My mother died from a basal tip aneurysm on February 10, 1995. It feels so long ago and almost like it has never happened. I was 21 at the time and away at school. At about 6am on the morning of February 8th, my older sister called and frantically cried that "Something has happened to Mom!" I was still asleep when she called and was somewhat disoriented. The sound of her voice made me shoot straight up in bed and I began to panic. I asked her what was wrong, but she said she didn't know and that my Dad was with her at our town's small hospital in Texas.
I flew around my dorm room pacing. I didn't know who to call or what I should do. My roomie was understandably confused. I asked her to call my professors and tell them that I had a family emergency and had no idea when I could return to class. I then packed a bag and headed north for an hours drive to my hometown.
When I got to the hospital, I was thoroughly shaken. I ran into the emergency room and started looking frantically around. My dad must've seen me come in. The only person I had spoken with at this point was my sister, so I had no idea what to expect. My dad has always been strong emotionally, so it was extremely hard for me to see him with eyes blood shot from tears and a voice that trembled with each word. He explained that mom had suffered from a burst aneurysm around 2 a.m. and was in a coma. She had several strokes between 2 a.m. and early that morning and the prognosis was grim. I remember vaguely that a doctor told me she would be taken to Austin for surgery.
My family was Catholic and the priest was called to read her her last rites. When the priest arrived, he, my dad and myself gathered in a circle around my mother and grasped hands. This was the first moment I was brought in to see her. Her eyes were sealed shut with tape because they wouldn't close as a result of the stroke. Her skin was so pale it was almost translucent. I couldn't believe this was my mother!
My mother was eventually transferred to Austin after what felt like an eternity. My brothers and sisters flew into the city and we gathered together in the emergency room waiting room refusing to leave. The neurosurgeon came in to explain the surgery. Her aneurysm was on the part of her brain that controls involuntary body functions like heart beat and breathing. He wasn't sure what would happen. My mom was 49 and had smoked for over 20 years though she had quit a few years earlier. My mother's sister had just suffered and survived 5 aneurysms the year before. I felt so completely disheartened. The surgeon then asked if there were any questions. He stood there for several minutes while the family looked numb. Finally, I screamed "Would you please LEAVE and go save my mother?!" The doctor smiled and said he would do absolutely everything he could. Doctors always seem to say that.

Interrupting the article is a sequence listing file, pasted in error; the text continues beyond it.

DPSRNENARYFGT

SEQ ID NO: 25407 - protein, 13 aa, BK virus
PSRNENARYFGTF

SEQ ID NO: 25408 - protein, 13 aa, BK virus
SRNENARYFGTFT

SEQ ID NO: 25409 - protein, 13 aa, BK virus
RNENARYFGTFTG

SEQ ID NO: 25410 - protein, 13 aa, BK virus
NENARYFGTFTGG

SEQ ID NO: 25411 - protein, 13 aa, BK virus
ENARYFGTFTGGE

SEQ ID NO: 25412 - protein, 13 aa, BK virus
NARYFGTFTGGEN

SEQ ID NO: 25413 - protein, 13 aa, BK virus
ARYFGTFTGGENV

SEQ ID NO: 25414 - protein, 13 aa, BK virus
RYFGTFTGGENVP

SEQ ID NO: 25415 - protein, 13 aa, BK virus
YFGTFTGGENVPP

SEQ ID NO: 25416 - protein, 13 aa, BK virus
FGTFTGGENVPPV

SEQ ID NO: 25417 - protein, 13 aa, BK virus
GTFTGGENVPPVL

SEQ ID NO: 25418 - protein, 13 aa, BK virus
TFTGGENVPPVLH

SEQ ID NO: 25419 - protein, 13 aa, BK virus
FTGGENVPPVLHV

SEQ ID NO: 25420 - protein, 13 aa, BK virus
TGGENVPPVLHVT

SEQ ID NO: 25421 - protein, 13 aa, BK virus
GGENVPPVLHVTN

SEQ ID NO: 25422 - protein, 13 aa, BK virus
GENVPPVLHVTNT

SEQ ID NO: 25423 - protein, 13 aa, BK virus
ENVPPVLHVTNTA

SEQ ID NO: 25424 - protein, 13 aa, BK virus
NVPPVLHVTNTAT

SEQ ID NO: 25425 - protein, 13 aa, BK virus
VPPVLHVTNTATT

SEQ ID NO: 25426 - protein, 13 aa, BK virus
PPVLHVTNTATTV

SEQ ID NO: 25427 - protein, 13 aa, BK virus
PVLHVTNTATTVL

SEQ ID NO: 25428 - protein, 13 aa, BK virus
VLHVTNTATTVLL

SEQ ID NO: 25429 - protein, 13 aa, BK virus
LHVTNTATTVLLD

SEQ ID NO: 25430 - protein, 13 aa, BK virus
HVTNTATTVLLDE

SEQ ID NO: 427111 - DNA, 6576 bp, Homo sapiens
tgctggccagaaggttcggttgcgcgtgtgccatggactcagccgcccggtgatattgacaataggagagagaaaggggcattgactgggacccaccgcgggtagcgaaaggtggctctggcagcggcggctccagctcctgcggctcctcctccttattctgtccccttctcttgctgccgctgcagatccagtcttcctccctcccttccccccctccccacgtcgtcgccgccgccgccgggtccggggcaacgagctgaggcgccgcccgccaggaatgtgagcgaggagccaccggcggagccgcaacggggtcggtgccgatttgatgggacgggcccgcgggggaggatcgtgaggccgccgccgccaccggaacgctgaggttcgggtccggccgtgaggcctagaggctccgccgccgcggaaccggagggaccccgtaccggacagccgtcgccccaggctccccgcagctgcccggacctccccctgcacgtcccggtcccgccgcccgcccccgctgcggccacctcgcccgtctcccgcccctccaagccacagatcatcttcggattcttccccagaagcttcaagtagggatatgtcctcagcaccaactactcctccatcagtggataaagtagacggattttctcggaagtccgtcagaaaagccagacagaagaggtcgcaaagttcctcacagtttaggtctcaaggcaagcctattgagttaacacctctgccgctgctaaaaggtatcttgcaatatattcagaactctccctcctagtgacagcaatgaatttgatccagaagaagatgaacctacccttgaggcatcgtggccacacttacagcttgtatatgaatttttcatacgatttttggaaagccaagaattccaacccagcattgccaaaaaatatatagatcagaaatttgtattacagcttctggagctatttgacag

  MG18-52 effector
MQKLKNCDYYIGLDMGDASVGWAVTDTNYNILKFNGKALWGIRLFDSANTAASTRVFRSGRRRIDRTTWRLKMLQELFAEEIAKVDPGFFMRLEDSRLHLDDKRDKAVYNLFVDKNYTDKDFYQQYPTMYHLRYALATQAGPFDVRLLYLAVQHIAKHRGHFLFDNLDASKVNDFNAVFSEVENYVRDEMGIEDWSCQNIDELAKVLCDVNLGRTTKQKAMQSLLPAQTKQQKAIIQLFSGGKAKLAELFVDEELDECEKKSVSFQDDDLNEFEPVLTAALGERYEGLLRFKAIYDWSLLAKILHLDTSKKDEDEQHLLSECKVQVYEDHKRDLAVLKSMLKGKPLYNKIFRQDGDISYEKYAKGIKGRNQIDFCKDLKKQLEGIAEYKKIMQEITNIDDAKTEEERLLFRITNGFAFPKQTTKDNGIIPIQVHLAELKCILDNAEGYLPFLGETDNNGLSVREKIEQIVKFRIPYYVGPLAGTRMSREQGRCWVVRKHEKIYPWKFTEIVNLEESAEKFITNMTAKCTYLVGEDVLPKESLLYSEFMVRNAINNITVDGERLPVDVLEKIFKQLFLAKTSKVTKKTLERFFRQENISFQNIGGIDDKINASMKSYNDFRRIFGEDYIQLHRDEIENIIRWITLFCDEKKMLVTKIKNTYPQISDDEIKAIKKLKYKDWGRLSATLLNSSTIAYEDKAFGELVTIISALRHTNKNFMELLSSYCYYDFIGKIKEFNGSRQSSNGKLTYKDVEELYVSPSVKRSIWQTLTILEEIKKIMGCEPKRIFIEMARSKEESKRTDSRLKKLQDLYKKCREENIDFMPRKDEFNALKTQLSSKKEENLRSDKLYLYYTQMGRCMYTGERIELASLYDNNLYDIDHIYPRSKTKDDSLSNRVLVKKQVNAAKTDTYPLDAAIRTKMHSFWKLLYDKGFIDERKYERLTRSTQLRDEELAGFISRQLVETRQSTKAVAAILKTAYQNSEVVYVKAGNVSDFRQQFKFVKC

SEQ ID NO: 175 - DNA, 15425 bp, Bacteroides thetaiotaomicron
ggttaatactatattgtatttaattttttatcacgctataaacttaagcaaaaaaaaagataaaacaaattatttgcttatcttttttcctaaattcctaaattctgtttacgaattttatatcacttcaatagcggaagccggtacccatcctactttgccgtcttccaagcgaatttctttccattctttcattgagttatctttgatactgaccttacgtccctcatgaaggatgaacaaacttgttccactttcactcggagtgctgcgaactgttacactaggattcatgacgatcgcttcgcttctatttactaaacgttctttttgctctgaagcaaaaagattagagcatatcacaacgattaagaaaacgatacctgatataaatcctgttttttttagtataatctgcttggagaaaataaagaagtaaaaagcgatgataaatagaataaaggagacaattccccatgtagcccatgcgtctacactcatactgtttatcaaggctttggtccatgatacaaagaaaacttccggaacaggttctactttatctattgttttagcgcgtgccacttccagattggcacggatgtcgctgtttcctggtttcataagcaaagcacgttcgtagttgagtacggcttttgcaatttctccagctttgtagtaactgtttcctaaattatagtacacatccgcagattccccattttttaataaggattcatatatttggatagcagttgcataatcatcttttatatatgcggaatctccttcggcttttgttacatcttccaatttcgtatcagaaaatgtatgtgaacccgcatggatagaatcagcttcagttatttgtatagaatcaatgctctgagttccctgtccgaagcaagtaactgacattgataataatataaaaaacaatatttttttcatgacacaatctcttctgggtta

The surgery was successful only my mother suffered a heart attack during the procedure. Her heart was stopped for several minutes before they finally revived her. The doctors told us they now had to worry about brain swelling, but it looked like the worst was over and that the family should go home and rest.
On the evening of February 9th, the hospital called and said my mother's brain had begun to swell uncontrollably and that there was nothing more they could do. She was brain dead. I recall that they did some kind of test to verify that assumption and the results were conclusive.
They unhooked her from life support and everyone took a turn saying good-bye. When my turn came, I gazed into my mother's face. Her head was wrapped in bandages, but she looked so peaceful. I whaled a soulful cry and threw my arms around her neck screaming "Mommy don't leave! Don't GO!!" I was sobbing so hard my Dad came and gently pulled me away. They asked if we wanted to stay with her till she passed, but I just couldn't bear it. I regret this and wish I had stayed.
Time has passed; however, I don't believe I've ever really come to grips with what has happened. When people ask me about my mom, I explain that she passed away from a basal tip aneurysm like I would explain how to make chocolate chip cookies. I've felt so removed from the situation. I don't like to harp on tragedy and have never felt comfortable grieving. I don't like people feeling sorry for me. But recently as I was searching the web, I had the urge to learn more about what killed my mother. My dad has never discussed it with me, and I've never felt comfortable asking. Thank you all so much for listening to me. I hope that through knowledge and through the words of other people's similar stories, I can begin to heal.
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